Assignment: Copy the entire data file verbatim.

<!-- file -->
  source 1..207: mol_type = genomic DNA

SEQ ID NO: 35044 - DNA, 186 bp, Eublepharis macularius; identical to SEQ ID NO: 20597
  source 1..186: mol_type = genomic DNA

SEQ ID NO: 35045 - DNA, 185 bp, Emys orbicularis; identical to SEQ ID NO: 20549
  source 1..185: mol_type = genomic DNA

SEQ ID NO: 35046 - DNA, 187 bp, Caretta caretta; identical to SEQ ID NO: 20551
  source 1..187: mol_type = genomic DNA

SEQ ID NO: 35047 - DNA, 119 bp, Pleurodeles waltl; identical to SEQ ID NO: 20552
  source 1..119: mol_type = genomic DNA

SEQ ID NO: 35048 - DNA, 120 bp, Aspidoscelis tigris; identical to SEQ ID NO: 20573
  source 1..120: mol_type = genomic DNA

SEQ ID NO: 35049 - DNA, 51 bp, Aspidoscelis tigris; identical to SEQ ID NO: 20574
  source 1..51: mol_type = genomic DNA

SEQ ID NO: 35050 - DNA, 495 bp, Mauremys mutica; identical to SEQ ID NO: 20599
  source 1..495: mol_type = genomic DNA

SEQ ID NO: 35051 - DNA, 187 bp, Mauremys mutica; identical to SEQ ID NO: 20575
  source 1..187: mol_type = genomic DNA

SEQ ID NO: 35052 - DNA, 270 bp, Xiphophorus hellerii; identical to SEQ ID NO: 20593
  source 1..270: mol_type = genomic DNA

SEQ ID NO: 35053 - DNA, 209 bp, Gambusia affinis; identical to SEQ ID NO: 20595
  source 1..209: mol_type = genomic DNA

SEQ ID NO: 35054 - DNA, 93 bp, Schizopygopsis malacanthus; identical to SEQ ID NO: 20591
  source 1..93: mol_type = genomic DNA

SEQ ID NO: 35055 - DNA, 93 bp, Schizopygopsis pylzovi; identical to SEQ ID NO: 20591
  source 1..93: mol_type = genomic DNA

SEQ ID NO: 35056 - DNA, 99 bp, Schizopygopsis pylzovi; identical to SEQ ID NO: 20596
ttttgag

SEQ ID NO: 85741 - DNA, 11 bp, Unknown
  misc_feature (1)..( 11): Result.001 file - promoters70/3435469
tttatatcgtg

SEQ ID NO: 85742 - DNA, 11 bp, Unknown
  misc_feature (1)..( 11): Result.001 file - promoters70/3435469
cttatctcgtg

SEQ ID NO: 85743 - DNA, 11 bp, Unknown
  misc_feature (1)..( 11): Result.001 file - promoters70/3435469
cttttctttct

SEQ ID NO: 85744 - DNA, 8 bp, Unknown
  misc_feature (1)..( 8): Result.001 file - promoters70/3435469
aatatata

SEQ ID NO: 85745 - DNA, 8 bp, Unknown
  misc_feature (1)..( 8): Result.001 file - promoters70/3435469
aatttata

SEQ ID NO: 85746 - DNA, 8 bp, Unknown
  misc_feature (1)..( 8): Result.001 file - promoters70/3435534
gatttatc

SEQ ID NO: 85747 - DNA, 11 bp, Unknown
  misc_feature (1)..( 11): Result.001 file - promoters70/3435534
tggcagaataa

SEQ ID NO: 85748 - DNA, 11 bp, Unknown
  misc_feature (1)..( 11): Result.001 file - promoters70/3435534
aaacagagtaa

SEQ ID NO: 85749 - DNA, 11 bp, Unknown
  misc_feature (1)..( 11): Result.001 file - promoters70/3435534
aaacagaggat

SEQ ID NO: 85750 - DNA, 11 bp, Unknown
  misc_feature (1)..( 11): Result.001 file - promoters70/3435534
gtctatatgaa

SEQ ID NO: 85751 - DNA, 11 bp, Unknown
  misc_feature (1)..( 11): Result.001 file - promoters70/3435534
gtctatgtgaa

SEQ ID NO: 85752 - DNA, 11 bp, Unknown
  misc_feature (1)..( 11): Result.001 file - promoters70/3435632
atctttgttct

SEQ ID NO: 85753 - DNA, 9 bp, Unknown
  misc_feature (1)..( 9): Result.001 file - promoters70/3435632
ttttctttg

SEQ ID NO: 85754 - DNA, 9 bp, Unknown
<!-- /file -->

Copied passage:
  source 1..207: mol_type = genomic DNA

SEQ ID NO: 35044 - DNA, 186 bp, Eublepharis macularius; identical to SEQ ID NO: 20597
  source 1..186: mol_type = genomic DNA

SEQ ID NO: 35045 - DNA, 185 bp, Emys orbicularis; identical to SEQ ID NO: 20549
  source 1..185: mol_type = genomic DNA

SEQ ID NO: 35046 - DNA, 187 bp, Caretta caretta; identical to SEQ ID NO: 20551
  source 1..187: mol_type = genomic DNA

SEQ ID NO: 35047 - DNA, 119 bp, Pleurodeles waltl; identical to SEQ ID NO: 20552
  source 1..119: mol_type = genomic DNA

SEQ ID NO: 35048 - DNA, 120 bp, Aspidoscelis tigris; identical to SEQ ID NO: 20573
  source 1..120: mol_type = genomic DNA

SEQ ID NO: 35049 - DNA, 51 bp, Aspidoscelis tigris; identical to SEQ ID NO: 20574
  source 1..51: mol_type = genomic DNA

SEQ ID NO: 35050 - DNA, 495 bp, Mauremys mutica; identical to SEQ ID NO: 20599
  source 1..495: mol_type = genomic DNA

SEQ ID NO: 35051 - DNA, 187 bp, Mauremys mutica; identical to SEQ ID NO: 20575
  source 1..187: mol_type = genomic DNA

SEQ ID NO: 35052 - DNA, 270 bp, Xiphophorus hellerii; identical to SEQ ID NO: 20593
  source 1..270: mol_type = genomic DNA

SEQ ID NO: 35053 - DNA, 209 bp, Gambusia affinis; identical to SEQ ID NO: 20595
  source 1..209: mol_type = genomic DNA

SEQ ID NO: 35054 - DNA, 93 bp, Schizopygopsis malacanthus; identical to SEQ ID NO: 20591
  source 1..93: mol_type = genomic DNA

SEQ ID NO: 35055 - DNA, 93 bp, Schizopygopsis pylzovi; identical to SEQ ID NO: 20591
  source 1..93: mol_type = genomic DNA

SEQ ID NO: 35056 - DNA, 99 bp, Schizopygopsis pylzovi; identical to SEQ ID NO: 20596
ttttgag

SEQ ID NO: 85741 - DNA, 11 bp, Unknown
  misc_feature (1)..( 11): Result.001 file - promoters70/3435469
tttatatcgtg

SEQ ID NO: 85742 - DNA, 11 bp, Unknown
  misc_feature (1)..( 11): Result.001 file - promoters70/3435469
cttatctcgtg

SEQ ID NO: 85743 - DNA, 11 bp, Unknown
  misc_feature (1)..( 11): Result.001 file - promoters70/3435469
cttttctttct

SEQ ID NO: 85744 - DNA, 8 bp, Unknown
  misc_feature (1)..( 8): Result.001 file - promoters70/3435469
aatatata

SEQ ID NO: 85745 - DNA, 8 bp, Unknown
  misc_feature (1)..( 8): Result.001 file - promoters70/3435469
aatttata

SEQ ID NO: 85746 - DNA, 8 bp, Unknown
  misc_feature (1)..( 8): Result.001 file - promoters70/3435534
gatttatc

SEQ ID NO: 85747 - DNA, 11 bp, Unknown
  misc_feature (1)..( 11): Result.001 file - promoters70/3435534
tggcagaataa

SEQ ID NO: 85748 - DNA, 11 bp, Unknown
  misc_feature (1)..( 11): Result.001 file - promoters70/3435534
aaacagagtaa

SEQ ID NO: 85749 - DNA, 11 bp, Unknown
  misc_feature (1)..( 11): Result.001 file - promoters70/3435534
aaacagaggat

SEQ ID NO: 85750 - DNA, 11 bp, Unknown
  misc_feature (1)..( 11): Result.001 file - promoters70/3435534
gtctatatgaa

SEQ ID NO: 85751 - DNA, 11 bp, Unknown
  misc_feature (1)..( 11): Result.001 file - promoters70/3435534
gtctatgtgaa

SEQ ID NO: 85752 - DNA, 11 bp, Unknown
  misc_feature (1)..( 11): Result.001 file - promoters70/3435632
atctttgttct

SEQ ID NO: 85753 - DNA, 9 bp, Unknown
  misc_feature (1)..( 9): Result.001 file - promoters70/3435632
ttttctttg

SEQ ID NO: 85754 - DNA, 9 bp, Unknown